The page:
Egypt is not quite rumbling again; bubbling is more like it, though the bubbles can grow bigger. Security apprehended alleged terrorists plotting to blow up the US and French embassies, while their colleagues in the Sinai abduct seven security officers.

In Cairo a small protest in Tahrir threatens a creative escalation. The ‘rebellion’ campaign is collecting signatures to demand the departure of President Morsi. The have announced two million so far; they aim for fifteen – more than the total ballots cast in Morsi’s favor – by June 30, the day he assumed office. On that date they will return in mass to the presidential palace.

Many Islamists complain there is no legal legitimacy to their action. Of course they are right, but there was no legality to the demonstrations which deposed Mubarak either. It is the symbolism which is important – if they can get the numbers.

Terrorists, though, do not need numbers. They need space, materials, and determination alone. Few dispute their illegality, but along similar lines, the symbolism is important.

God, amid Egypt’s many problems, few prayers have been necessary concerning terrorism. For this thanks is necessary; terrorism has been a constant in Syria, with appearances in Tunisia and Libya as well. For all deserved criticism of the security void there has been vigilance on this front. May it continue; free the abducted personnel and give the authorities wisdom and perseverance in the Sinai.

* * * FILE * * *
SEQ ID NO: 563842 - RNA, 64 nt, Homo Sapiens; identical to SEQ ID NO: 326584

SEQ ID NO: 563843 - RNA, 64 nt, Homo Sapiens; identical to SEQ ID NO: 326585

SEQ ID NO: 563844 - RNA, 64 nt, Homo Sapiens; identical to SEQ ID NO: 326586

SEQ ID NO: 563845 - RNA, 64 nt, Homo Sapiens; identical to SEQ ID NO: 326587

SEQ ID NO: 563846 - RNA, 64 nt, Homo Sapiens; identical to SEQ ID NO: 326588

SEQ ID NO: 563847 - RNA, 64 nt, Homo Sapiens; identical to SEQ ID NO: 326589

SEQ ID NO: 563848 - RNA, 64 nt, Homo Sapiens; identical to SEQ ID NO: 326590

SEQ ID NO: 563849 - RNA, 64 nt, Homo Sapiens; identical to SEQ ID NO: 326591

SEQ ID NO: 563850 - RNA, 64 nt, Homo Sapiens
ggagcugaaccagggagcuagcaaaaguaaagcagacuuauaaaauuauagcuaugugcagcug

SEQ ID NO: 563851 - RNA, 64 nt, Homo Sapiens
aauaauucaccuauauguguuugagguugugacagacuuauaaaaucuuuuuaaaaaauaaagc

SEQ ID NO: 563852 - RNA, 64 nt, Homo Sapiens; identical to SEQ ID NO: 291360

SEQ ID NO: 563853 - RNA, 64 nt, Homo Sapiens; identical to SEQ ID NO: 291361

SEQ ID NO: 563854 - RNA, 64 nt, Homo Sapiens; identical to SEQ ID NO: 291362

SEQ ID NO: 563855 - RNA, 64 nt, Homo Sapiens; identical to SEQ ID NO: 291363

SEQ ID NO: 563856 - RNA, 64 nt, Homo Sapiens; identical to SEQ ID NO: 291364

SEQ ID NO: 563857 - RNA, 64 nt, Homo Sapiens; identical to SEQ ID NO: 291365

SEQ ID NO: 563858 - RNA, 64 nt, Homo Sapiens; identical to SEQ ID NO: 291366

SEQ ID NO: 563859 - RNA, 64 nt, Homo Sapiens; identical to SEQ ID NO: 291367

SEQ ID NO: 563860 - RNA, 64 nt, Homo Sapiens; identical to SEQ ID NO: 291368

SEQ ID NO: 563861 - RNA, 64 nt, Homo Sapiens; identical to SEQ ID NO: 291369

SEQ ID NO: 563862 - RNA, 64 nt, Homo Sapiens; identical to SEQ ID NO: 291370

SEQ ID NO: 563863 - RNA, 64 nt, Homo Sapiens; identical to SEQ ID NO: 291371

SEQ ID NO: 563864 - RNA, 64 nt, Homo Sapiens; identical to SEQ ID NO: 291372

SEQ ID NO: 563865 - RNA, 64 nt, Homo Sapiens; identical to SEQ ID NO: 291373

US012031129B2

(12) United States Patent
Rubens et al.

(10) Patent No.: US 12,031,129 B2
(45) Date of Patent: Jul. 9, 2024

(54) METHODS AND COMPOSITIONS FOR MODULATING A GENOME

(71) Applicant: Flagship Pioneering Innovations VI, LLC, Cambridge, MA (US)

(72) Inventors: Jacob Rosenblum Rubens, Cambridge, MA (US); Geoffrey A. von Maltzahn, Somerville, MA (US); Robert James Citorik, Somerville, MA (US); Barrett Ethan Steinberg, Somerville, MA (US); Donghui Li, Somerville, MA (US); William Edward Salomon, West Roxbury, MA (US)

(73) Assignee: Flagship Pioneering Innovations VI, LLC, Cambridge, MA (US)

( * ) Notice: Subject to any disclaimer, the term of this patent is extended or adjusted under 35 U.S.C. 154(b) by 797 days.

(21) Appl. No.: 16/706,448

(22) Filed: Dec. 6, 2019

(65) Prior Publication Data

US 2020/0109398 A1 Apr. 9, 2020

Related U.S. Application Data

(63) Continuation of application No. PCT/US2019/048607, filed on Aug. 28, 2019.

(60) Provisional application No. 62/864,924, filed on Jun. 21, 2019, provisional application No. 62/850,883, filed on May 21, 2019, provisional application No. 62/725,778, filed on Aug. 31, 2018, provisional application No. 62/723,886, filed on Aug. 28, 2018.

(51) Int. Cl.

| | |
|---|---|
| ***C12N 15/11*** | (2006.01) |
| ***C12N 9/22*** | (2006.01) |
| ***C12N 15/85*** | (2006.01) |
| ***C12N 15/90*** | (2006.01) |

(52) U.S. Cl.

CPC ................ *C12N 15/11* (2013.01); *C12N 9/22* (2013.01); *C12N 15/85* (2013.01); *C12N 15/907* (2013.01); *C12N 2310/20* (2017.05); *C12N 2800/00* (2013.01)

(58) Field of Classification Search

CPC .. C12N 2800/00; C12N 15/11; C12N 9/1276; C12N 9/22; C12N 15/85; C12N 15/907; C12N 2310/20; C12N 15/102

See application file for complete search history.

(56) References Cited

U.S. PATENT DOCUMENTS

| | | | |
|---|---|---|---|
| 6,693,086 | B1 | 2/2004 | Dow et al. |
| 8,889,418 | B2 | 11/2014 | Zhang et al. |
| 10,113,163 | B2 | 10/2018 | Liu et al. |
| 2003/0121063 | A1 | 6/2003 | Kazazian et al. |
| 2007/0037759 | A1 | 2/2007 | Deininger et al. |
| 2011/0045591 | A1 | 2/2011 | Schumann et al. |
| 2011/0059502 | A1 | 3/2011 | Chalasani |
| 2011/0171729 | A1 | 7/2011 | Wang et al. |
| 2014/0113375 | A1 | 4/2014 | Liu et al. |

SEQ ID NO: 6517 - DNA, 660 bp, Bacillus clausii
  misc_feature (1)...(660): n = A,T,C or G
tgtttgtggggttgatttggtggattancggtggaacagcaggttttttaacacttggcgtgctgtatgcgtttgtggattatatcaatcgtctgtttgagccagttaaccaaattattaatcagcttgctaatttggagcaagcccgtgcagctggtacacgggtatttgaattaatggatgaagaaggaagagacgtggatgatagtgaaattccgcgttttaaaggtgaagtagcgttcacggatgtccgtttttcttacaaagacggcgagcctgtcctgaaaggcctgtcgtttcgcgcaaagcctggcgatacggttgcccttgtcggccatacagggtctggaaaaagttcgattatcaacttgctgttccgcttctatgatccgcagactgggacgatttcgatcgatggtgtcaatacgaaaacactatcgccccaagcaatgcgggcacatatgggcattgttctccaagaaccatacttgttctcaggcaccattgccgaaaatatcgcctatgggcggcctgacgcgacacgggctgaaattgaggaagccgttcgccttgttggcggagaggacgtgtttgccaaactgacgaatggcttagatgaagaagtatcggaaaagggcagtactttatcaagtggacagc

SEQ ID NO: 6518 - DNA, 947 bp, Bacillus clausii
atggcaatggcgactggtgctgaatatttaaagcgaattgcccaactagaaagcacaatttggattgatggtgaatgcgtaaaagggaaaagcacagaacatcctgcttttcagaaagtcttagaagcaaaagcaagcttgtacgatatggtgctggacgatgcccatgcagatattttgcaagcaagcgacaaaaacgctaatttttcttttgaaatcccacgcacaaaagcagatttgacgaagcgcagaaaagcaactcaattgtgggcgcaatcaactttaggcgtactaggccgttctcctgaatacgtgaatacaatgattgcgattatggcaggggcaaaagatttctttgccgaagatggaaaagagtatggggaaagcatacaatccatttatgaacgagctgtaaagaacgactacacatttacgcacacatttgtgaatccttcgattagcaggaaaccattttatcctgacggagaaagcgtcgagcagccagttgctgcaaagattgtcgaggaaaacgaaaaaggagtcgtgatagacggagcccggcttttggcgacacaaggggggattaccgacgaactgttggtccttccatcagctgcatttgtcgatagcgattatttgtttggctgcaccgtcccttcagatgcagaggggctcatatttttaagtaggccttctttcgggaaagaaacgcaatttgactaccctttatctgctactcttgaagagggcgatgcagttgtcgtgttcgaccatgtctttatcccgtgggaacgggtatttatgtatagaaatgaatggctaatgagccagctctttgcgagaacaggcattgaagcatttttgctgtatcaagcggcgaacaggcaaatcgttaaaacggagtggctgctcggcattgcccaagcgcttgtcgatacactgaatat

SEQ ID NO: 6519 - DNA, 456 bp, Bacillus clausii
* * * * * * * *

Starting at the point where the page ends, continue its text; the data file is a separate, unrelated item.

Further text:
And of rebellion? Surely the name is not that pleasing, God. Is the campaign? Is it honest? Does it use the memory and practice of demonstrations past simply for political pressure? Or is the real end game to remove the popularly elected leader? If so, by what mechanism?

It is good to have popular means of accountability and activism, but it is troublesome many feel this is the only avenue for political participation. Frustrations are high and shared ideals are broken amid widespread polarization. But does Egypt need another uprising? Can it stomach one?

God, you know what is behind the scenes, if anything. But may those putting their signatures to paper be represented well. May the opposition be properly empowered. May the president fulfill the demands of the people. May the civil political arena widen.

Give patience and determination to the ‘rebels’, God; urgency and flexibility to the president.

Give constriction and repentance to the terrorists, God; space and vision to the president.

For Egypt, God, give all of the above, merged together in sovereignty, prosperity, and peace. May the bubbles turn out beautiful.